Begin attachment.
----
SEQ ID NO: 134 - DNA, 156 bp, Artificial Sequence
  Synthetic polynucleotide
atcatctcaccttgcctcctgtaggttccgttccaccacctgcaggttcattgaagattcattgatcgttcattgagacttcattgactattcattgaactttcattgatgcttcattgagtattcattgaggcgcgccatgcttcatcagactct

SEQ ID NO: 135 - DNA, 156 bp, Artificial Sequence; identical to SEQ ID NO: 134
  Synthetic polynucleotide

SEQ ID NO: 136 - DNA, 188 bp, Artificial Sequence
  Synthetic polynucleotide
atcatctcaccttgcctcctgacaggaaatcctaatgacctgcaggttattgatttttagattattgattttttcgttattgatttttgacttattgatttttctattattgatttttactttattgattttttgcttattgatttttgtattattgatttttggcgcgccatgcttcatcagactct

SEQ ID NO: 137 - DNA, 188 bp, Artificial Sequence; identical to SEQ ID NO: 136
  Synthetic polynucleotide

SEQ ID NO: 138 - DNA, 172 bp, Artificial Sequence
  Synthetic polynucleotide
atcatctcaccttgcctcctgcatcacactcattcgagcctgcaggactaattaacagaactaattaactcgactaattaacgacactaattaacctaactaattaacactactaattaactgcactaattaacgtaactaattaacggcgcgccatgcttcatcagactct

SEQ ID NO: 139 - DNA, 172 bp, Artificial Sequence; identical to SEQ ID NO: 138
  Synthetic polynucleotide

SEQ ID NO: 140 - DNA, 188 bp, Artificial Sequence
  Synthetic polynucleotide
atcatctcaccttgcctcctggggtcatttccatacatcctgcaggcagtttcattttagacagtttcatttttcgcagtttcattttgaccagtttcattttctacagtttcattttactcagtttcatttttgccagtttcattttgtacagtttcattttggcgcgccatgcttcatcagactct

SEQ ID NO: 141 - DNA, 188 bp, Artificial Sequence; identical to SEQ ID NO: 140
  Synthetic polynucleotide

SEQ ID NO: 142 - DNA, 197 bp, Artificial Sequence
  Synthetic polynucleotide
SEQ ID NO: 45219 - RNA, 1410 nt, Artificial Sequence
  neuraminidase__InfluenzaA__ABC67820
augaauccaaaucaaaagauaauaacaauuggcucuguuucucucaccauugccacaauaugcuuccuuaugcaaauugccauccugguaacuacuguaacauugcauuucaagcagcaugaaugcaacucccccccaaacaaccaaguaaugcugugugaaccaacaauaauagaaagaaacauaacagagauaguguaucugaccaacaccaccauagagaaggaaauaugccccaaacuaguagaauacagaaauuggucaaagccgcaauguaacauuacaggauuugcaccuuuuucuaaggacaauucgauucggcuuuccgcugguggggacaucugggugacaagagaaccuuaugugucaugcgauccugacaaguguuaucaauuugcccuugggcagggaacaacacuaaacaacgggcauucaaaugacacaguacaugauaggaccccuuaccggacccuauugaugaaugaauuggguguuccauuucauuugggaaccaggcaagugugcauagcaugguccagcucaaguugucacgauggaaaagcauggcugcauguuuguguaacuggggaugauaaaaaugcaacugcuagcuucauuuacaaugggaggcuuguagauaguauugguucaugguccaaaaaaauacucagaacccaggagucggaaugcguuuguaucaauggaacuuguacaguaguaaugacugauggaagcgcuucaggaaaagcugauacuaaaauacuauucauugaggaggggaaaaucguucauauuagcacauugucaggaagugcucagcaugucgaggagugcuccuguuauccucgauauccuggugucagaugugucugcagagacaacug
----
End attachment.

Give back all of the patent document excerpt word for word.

SEQ ID NO: 134 - DNA, 156 bp, Artificial Sequence
  Synthetic polynucleotide
atcatctcaccttgcctcctgtaggttccgttccaccacctgcaggttcattgaagattcattgatcgttcattgagacttcattgactattcattgaactttcattgatgcttcattgagtattcattgaggcgcgccatgcttcatcagactct

SEQ ID NO: 135 - DNA, 156 bp, Artificial Sequence; identical to SEQ ID NO: 134
  Synthetic polynucleotide

SEQ ID NO: 136 - DNA, 188 bp, Artificial Sequence
  Synthetic polynucleotide
atcatctcaccttgcctcctgacaggaaatcctaatgacctgcaggttattgatttttagattattgattttttcgttattgatttttgacttattgatttttctattattgatttttactttattgattttttgcttattgatttttgtattattgatttttggcgcgccatgcttcatcagactct

SEQ ID NO: 137 - DNA, 188 bp, Artificial Sequence; identical to SEQ ID NO: 136
  Synthetic polynucleotide

SEQ ID NO: 138 - DNA, 172 bp, Artificial Sequence
  Synthetic polynucleotide
atcatctcaccttgcctcctgcatcacactcattcgagcctgcaggactaattaacagaactaattaactcgactaattaacgacactaattaacctaactaattaacactactaattaactgcactaattaacgtaactaattaacggcgcgccatgcttcatcagactct

SEQ ID NO: 139 - DNA, 172 bp, Artificial Sequence; identical to SEQ ID NO: 138
  Synthetic polynucleotide

SEQ ID NO: 140 - DNA, 188 bp, Artificial Sequence
  Synthetic polynucleotide
atcatctcaccttgcctcctggggtcatttccatacatcctgcaggcagtttcattttagacagtttcatttttcgcagtttcattttgaccagtttcattttctacagtttcattttactcagtttcatttttgccagtttcattttgtacagtttcattttggcgcgccatgcttcatcagactct

SEQ ID NO: 141 - DNA, 188 bp, Artificial Sequence; identical to SEQ ID NO: 140
  Synthetic polynucleotide

SEQ ID NO: 142 - DNA, 197 bp, Artificial Sequence
  Synthetic polynucleotide
SEQ ID NO: 45219 - RNA, 1410 nt, Artificial Sequence
  neuraminidase__InfluenzaA__ABC67820
augaauccaaaucaaaagauaauaacaauuggcucuguuucucucaccauugccacaauaugcuuccuuaugcaaauugccauccugguaacuacuguaacauugcauuucaagcagcaugaaugcaacucccccccaaacaaccaaguaaugcugugugaaccaacaauaauagaaagaaacauaacagagauaguguaucugaccaacaccaccauagagaaggaaauaugccccaaacuaguagaauacagaaauuggucaaagccgcaauguaacauuacaggauuugcaccuuuuucuaaggacaauucgauucggcuuuccgcugguggggacaucugggugacaagagaaccuuaugugucaugcgauccugacaaguguuaucaauuugcccuugggcagggaacaacacuaaacaacgggcauucaaaugacacaguacaugauaggaccccuuaccggacccuauugaugaaugaauuggguguuccauuucauuugggaaccaggcaagugugcauagcaugguccagcucaaguugucacgauggaaaagcauggcugcauguuuguguaacuggggaugauaaaaaugcaacugcuagcuucauuuacaaugggaggcuuguagauaguauugguucaugguccaaaaaaauacucagaacccaggagucggaaugcguuuguaucaauggaacuuguacaguaguaaugacugauggaagcgcuucaggaaaagcugauacuaaaauacuauucauugaggaggggaaaaucguucauauuagcacauugucaggaagugcucagcaugucgaggagugcuccuguuauccucgauauccuggugucagaugugucugcagagacaacug